I am a healthy and fit 55-year-old woman. My bone density test showed that I needed to be supplemented. I cannot take hormones as I had a blood clot, so the doctor prescribed Fosamax. I had awful side effects: muscle pain, joint pain, etc. He has now prescribed Forteo. Is this a good alternative?
I have had painful periods for the past couple of years and have also had ovarian cysts. I had a couple of larger cysts removed about five years ago and was told I had endometriosis at that time. I continue to have pain and now have been told I have a 7 cm cyst on the right ovary. My doctor recommends removing both ovaries and the uterus. I'm just researching the pros and cons. Was wondering if there are any major issues I should be concerned about if I had the uterus and both ovaries removed. I am 42 and do not plan to have children. Given the history of pain and previous cysts, is it a good idea to go ahead and remove everything? Thanks for your time. Melissa
Women who have used the bone-building drug Fosamax are nearly twice as likely to develop the most common kind of chronically irregular heartbeat as those who have never used it. Patients, especially those with family history of heart problems, should talk to their doctor about whether the drug is the appropriate option for them. The study was published in the Archives of Internal Medicine in April 2008.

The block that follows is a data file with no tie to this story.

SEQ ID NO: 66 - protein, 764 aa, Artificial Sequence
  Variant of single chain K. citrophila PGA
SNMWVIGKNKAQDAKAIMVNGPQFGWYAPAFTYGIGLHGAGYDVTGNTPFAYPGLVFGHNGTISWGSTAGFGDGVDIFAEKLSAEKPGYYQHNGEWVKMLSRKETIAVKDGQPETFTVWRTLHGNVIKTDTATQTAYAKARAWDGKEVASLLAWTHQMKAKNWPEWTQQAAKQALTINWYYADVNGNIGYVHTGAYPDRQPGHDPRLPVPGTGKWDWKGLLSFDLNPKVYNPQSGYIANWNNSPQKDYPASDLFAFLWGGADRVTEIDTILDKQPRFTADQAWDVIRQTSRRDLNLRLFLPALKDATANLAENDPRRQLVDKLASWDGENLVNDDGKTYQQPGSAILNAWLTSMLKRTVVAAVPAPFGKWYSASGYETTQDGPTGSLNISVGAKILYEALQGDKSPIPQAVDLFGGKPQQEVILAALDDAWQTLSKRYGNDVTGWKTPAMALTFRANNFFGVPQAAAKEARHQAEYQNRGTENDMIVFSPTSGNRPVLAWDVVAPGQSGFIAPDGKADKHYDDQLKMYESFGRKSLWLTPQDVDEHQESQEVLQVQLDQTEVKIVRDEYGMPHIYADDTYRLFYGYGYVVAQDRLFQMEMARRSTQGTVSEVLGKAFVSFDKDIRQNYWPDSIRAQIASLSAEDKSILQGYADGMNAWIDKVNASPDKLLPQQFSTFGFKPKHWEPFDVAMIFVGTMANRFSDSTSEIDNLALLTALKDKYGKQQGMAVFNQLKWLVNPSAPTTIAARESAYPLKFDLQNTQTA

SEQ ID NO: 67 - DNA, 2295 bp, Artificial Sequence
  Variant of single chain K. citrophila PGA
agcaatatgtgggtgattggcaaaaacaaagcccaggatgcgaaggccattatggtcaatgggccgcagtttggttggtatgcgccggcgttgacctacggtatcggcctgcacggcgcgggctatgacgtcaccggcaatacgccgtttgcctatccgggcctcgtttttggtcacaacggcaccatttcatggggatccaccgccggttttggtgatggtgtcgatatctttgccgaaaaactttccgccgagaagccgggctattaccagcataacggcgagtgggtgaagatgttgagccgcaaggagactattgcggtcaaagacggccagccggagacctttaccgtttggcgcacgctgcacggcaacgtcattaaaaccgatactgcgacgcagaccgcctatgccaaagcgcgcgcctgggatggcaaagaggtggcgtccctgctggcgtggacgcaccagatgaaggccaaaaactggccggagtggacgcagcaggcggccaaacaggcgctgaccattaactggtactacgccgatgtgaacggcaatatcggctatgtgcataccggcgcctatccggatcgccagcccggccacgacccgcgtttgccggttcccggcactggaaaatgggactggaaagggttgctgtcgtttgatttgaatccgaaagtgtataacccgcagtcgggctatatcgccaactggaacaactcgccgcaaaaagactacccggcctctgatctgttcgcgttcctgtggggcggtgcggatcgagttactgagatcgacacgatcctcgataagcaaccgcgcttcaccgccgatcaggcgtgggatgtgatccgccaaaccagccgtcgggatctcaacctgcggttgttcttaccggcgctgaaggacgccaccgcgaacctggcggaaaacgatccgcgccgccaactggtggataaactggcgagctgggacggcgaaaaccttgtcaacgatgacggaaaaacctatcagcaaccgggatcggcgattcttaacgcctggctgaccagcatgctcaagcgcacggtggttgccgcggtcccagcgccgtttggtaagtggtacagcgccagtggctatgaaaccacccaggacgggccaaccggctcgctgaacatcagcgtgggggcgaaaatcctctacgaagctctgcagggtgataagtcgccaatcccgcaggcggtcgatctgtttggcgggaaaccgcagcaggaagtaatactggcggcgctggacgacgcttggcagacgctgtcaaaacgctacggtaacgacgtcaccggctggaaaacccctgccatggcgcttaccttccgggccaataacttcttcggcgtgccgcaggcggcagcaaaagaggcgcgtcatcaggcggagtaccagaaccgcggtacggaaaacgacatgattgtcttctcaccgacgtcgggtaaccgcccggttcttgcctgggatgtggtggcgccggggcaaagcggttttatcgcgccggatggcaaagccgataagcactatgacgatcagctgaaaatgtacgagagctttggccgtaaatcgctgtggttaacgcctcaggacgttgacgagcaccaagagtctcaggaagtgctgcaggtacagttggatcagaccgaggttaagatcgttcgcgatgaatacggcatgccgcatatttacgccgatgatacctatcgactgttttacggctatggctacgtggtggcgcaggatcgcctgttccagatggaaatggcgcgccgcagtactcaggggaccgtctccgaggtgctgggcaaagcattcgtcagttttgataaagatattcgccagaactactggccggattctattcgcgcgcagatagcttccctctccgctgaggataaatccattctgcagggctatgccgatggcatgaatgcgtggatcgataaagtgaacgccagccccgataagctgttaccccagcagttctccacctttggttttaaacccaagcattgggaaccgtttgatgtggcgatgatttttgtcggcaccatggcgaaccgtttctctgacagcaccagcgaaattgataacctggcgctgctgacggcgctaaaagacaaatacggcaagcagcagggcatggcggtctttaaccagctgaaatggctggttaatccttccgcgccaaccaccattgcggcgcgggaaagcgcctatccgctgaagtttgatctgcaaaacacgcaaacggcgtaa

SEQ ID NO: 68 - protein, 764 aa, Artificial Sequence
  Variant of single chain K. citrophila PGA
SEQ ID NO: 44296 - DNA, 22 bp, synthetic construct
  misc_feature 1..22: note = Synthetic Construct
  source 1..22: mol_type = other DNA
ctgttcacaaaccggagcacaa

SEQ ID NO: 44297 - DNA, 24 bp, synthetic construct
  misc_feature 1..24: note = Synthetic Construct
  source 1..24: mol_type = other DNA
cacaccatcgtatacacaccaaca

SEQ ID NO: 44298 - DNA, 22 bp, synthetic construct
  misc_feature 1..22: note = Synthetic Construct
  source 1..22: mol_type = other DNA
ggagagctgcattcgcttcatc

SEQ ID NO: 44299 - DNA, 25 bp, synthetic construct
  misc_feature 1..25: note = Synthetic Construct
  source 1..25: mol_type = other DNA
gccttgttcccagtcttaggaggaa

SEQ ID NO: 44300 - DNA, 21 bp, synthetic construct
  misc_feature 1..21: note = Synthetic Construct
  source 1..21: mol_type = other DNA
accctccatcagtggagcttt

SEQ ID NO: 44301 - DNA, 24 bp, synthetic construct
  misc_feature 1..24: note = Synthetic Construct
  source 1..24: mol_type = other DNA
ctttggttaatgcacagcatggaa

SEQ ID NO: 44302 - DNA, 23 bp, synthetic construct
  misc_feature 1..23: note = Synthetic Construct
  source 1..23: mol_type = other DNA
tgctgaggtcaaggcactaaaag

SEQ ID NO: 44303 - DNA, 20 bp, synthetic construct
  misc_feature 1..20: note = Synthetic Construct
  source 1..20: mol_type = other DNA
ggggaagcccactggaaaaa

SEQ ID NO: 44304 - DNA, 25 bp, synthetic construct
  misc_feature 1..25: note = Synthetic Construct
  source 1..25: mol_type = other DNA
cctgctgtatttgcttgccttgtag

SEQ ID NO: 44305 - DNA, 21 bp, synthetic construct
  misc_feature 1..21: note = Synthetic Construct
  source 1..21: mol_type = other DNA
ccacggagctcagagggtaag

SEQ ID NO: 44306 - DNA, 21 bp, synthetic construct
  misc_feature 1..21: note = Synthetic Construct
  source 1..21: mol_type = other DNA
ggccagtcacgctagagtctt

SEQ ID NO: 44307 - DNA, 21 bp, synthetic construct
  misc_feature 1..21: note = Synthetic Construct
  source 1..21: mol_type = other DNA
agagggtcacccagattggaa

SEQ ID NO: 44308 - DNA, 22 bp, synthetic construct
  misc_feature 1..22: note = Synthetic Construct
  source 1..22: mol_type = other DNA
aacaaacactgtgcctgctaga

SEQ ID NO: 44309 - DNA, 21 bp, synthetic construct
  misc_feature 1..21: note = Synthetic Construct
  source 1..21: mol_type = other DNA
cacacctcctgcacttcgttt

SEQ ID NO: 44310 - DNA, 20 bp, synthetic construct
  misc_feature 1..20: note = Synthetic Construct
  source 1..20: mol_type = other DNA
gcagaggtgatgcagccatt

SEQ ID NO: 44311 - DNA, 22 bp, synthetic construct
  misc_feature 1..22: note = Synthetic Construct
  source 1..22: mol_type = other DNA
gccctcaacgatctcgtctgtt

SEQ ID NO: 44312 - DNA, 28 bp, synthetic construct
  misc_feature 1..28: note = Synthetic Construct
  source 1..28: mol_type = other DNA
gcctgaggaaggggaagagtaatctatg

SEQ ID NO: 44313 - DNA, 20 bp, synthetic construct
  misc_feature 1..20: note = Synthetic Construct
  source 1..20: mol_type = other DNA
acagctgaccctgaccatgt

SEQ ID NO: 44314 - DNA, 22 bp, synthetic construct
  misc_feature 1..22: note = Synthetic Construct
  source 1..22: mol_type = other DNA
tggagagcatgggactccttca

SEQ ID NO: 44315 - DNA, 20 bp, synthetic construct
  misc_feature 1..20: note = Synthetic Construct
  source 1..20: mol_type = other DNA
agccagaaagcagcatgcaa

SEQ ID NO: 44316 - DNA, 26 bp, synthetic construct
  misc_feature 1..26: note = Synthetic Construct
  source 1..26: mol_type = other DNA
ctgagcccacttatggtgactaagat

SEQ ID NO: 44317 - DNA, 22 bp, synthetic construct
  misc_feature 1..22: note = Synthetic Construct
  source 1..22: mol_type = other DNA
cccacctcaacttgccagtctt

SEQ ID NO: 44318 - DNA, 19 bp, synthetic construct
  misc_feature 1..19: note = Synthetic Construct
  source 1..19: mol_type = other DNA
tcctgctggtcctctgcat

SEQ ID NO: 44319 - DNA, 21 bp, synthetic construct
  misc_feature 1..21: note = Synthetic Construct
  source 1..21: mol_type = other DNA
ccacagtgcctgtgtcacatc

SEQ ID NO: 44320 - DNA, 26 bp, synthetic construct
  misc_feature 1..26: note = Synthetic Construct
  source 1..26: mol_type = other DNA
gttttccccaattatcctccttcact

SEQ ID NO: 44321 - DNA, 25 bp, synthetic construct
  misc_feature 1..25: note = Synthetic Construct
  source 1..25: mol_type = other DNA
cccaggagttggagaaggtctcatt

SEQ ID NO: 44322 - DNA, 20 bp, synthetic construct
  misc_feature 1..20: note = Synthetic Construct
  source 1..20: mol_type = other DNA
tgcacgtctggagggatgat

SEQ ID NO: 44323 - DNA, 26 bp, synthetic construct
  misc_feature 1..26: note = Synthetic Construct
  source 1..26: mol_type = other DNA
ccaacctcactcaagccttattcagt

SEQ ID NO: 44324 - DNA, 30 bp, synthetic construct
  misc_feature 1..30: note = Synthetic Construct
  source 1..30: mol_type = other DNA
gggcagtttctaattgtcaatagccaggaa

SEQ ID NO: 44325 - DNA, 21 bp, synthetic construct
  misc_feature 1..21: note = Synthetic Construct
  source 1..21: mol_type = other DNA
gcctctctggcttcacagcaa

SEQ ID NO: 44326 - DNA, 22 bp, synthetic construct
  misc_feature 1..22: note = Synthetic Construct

After the latest round of mixed earnings from the biggest players in pharma and biotech, companies are hampered by a frustrating dynamic: a product mix that isn't strong enough to match an exodus of blockbusters.
What we said In "Merck Is on the Mend" (Feb. 5), we recommended a second look at the pharma giant, which was recovering from the low it reached in 2004 amid the Vioxx debacle. We mentioned that Merck was winning approvals for a host of new drugs, including cervical-cancer vaccine Gardasil. We cited Bear Stearns analyst John Boris's year-end price target of $53.
Merck posted a 62 percent increase in its third-quarter profit Monday, as the drugmaker's revenues increased by double digits, while lower administration and overhead costs offset more spending on research and development.
The successful launch of a blockbuster drug depends heavily on Big Pharma's ability to custom-tailor its sales pitch country-by-country, a difficult task in which few drugmakers excel, according to a study from research firm IMS Health.
The multi-billion dollar drug industry for degenerative bone disease is getting more congested, with new studies showing the benefits of the Novartis drug Aclasta, and an experimental drug from Amgen on the way.
With at least seven competing drugs shouldering in, the multi-billion dollar market for treating elderly bones is getting crowded. There will probably be enough aging baby boomers to go around ... but expect some jostling.